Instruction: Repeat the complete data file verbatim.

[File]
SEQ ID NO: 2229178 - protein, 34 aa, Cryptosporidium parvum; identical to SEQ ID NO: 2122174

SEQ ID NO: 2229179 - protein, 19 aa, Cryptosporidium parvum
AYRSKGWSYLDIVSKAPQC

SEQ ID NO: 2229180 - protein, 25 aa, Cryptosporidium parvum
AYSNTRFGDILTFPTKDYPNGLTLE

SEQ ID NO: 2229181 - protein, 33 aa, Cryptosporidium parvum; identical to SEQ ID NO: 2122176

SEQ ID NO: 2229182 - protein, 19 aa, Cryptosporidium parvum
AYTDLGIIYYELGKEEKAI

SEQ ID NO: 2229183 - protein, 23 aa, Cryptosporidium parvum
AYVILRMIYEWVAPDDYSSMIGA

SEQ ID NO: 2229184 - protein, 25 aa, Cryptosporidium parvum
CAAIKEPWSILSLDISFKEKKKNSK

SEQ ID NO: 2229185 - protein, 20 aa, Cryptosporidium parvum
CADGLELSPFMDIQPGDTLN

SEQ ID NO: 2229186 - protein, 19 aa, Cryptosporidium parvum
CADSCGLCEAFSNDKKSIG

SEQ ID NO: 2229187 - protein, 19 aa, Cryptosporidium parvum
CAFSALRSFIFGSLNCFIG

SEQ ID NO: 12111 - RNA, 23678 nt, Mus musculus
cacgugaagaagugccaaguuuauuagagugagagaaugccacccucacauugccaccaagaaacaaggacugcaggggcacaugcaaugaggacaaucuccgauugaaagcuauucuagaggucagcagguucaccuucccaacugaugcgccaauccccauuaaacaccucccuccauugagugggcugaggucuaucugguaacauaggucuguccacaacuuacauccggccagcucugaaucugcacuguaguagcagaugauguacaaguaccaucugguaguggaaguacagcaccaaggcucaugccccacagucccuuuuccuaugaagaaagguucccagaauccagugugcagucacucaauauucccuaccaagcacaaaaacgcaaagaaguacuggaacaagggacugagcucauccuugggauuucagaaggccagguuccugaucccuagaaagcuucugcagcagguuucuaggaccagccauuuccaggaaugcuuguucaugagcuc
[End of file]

SEQ ID NO: 2229178 - protein, 34 aa, Cryptosporidium parvum; identical to SEQ ID NO: 2122174

SEQ ID NO: 2229179 - protein, 19 aa, Cryptosporidium parvum
AYRSKGWSYLDIVSKAPQC

SEQ ID NO: 2229180 - protein, 25 aa, Cryptosporidium parvum
AYSNTRFGDILTFPTKDYPNGLTLE

SEQ ID NO: 2229181 - protein, 33 aa, Cryptosporidium parvum; identical to SEQ ID NO: 2122176

SEQ ID NO: 2229182 - protein, 19 aa, Cryptosporidium parvum
AYTDLGIIYYELGKEEKAI

SEQ ID NO: 2229183 - protein, 23 aa, Cryptosporidium parvum
AYVILRMIYEWVAPDDYSSMIGA

SEQ ID NO: 2229184 - protein, 25 aa, Cryptosporidium parvum
CAAIKEPWSILSLDISFKEKKKNSK

SEQ ID NO: 2229185 - protein, 20 aa, Cryptosporidium parvum
CADGLELSPFMDIQPGDTLN

SEQ ID NO: 2229186 - protein, 19 aa, Cryptosporidium parvum
CADSCGLCEAFSNDKKSIG

SEQ ID NO: 2229187 - protein, 19 aa, Cryptosporidium parvum
CAFSALRSFIFGSLNCFIG

SEQ ID NO: 12111 - RNA, 23678 nt, Mus musculus
cacgugaagaagugccaaguuuauuagagugagagaaugccacccucacauugccaccaagaaacaaggacugcaggggcacaugcaaugaggacaaucuccgauugaaagcuauucuagaggucagcagguucaccuucccaacugaugcgccaauccccauuaaacaccucccuccauugagugggcugaggucuaucugguaacauaggucuguccacaacuuacauccggccagcucugaaucugcacuguaguagcagaugauguacaaguaccaucugguaguggaaguacagcaccaaggcucaugccccacagucccuuuuccuaugaagaaagguucccagaauccagugugcagucacucaauauucccuaccaagcacaaaaacgcaaagaaguacuggaacaagggacugagcucauccuugggauuucagaaggccagguuccugaucccuagaaagcuucugcagcagguuucuaggaccagccauuuccaggaaugcuuguucaugagcuc